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I need to determinate the manufacturing place/year of this Siemens CCa. Having exhausted my typical sources of information, I still cannot determine.
Useless is data codes from:
The codes are on metal tag factory(see photographs):
On glass: 09029
Can anyone help?
Thanks in advance.
It looks like East German production, like this Mullard I have
thanks to your comment, I found this, and it is a lead of research:
That's an odd tube per my understanding of Siemens tubes of that era. I believe most if not all Siemens tubes made in Halske during the period that had silver tags had 3 lines of codes on the tags and the tops of the tubes would have 4 seams. I didn't notice any seams on your tube.
Your tube is missing the middle of the 3 lines of codes and note that the code particular to a Halske manufacture would be on that line. And there is no code for a factory within the 2 code lines on the tube's tag.
The 8J code, if it was a Halske Siemens, would indicate October 1968. 8 = 1968 and J = October. An "A" would indicate January.
Perhaps this is an East Euro made tube.
Thank you for writing your opinion.
That is precisely the question: It does not correspond to what is defined by the pages I mention, such as the Siemens code system, which has 3 lines. Regarding the possibility that they are made in Eastern Europe, according to The Tube Museum NY, they are after the closing of the Halske factory in 1979. So the code does not fit. Regarding the 4 seams, I have seen others without them, like this one:
also supposedly from 1968. It also does not have the 3-line code.
Some of the Tube Museum identifiers that correspond to the specimen I am looking at are:
double-stage getter frame-grid construction, Gray separator, After 1966 the acid-codes may change to codes stamped on tiny metal rectangles soldered onto the sides.
Regarding the 4 seams they mention, they do not make it clear if these are for tubes prior to 1966, when they change to the code system stamped on the metal plate.
somebody once mentioned, those shaped siemens were made by tungsram (hungary).
Hi Nunki, thanks for writing.
You could elaborate a bit, because first time I hear this for a Siemens tube that could be dated 1968. Unless the code system changed after the Munich factory closure and confused those after 1979 with those made previously.
Anything is possible.
sorry beto, i can not help and i am astonished too about that tungsram-statement.
what i can say is, that "made in gemany" in case of doubt means nothing. european tube manufacturers printed on their tubes what they wanted. only an etched factory code is finally helpful imo.
ps: i just compared a tungsram E88CC with a siemens. the tungsram looks rather different and i am sure your CCa is a true siemens!!
Still not mine. I am researching before I buy. My local dealer has 3 of these, which he got from a former phone company warehouse. They are too expensive to buy and try, plus the ever present possibility that they are fakes or post Munich productions.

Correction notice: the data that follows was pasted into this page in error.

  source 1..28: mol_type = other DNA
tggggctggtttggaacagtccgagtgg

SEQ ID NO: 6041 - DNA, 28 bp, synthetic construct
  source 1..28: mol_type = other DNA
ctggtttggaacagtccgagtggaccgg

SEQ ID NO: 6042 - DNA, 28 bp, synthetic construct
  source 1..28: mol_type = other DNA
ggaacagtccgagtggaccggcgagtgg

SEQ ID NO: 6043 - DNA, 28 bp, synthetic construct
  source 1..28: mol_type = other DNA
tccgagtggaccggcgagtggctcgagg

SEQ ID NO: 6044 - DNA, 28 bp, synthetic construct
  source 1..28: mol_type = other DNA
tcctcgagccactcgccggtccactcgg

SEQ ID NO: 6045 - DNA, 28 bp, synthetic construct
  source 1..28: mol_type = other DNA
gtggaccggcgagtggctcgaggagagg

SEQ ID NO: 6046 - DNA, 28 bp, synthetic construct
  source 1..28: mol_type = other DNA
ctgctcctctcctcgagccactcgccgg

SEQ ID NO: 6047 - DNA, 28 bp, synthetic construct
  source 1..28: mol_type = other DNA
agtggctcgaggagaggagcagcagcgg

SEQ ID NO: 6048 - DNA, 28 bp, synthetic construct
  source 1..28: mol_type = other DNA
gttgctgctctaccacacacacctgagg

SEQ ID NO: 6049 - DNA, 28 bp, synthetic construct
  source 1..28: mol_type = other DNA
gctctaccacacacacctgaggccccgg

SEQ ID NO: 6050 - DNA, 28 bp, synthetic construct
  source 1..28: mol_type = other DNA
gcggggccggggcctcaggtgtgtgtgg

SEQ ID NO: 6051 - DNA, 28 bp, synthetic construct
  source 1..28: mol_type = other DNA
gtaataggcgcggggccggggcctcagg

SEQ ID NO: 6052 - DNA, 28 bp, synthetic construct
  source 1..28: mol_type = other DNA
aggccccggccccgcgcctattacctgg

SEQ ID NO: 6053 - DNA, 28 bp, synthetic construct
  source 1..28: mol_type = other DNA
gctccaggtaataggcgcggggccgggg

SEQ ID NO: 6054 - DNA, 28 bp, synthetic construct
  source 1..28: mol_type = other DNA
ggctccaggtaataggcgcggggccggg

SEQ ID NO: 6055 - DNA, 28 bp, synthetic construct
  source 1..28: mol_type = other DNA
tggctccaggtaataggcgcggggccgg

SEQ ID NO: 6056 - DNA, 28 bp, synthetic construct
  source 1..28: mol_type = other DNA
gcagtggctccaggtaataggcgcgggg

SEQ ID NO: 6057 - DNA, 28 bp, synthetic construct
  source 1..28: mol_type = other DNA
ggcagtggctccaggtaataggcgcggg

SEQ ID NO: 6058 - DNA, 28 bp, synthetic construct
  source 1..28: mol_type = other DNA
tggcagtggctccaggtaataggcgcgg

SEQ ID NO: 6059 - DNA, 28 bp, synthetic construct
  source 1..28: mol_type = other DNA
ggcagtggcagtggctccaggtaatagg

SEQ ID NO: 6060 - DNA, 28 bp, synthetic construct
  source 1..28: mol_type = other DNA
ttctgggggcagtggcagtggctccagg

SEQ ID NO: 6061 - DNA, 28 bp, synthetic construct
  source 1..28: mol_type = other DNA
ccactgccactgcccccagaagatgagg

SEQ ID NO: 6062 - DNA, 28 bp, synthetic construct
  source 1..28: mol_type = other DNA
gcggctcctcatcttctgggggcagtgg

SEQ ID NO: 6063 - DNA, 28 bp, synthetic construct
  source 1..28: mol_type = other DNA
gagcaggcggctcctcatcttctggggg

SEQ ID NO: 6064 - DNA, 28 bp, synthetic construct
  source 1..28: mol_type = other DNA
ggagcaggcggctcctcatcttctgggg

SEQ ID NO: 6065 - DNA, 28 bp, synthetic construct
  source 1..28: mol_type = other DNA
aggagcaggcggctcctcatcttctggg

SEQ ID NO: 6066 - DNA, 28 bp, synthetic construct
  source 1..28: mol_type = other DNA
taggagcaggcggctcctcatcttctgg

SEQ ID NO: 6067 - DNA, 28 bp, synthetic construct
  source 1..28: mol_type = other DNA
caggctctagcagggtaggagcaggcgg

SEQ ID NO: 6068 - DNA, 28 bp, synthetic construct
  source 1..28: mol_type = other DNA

The use I will be putting them to is in my AN DAC. Some time ago I bought a pair of Mullard E188CC, which sound wonderful in the high and mid frequencies, but do not have good bass frequency extension and articulation in my equipment (I clarify), if I compare them with the stock EH tubes that the DAC came with. These EH's have terrific low frequency extension and punch, but sound horrible in the high and mid/high frequencies, full of grain and annoying after a while of listening.
I am now trying a pair of Amperex, orange globe, Holland made from 1966 that I got at a good price. Too early to be conclusive, because I got them a few hours ago, but they already sound quite a bit better down low and don't bother up top, even have more detail than the Mullard, so I can expect everything to improve even more in about 100 hours.
Regarding the Siemenes, they are a temptation, if I can confirm that they are the ones that have been reviewed by many as one of the best along the frequency range. I don't want to go with the hype, in any case, which is partly what keeps these prices high, along with scarcity. A cheap NOS tube may work better, even. You know, if a guy spend a fortune on these tubes, hardly admit publicly that an $80 a pair tube might sound better.
have a look at this (scroll down a bit). obviously LORENZ used very similar imprints in the web...
OK, interesting! Thanks Nunki.
So, Lorenz after 1958 manufactures its tubes in Stuttgard no longer as Lorenz AG but as Standard Elektrik Lorenz (SEL) and uses a 2-line code system.
But this information may mean that the information from the Tube Museum and Audiotubes.com could be incomplete and perhaps does not cover all production, especially from the late 1960s onwards.
Looking at the pictures of those SEL tubes,there is a difference on the board, if that means anything. On the Siemens the two lines of codes are separated by a space and the SEL has no space.
There is still room for more discussion on this point. There is missing information, perhaps because these are rare and expensive tubes and not so many people have been involved.
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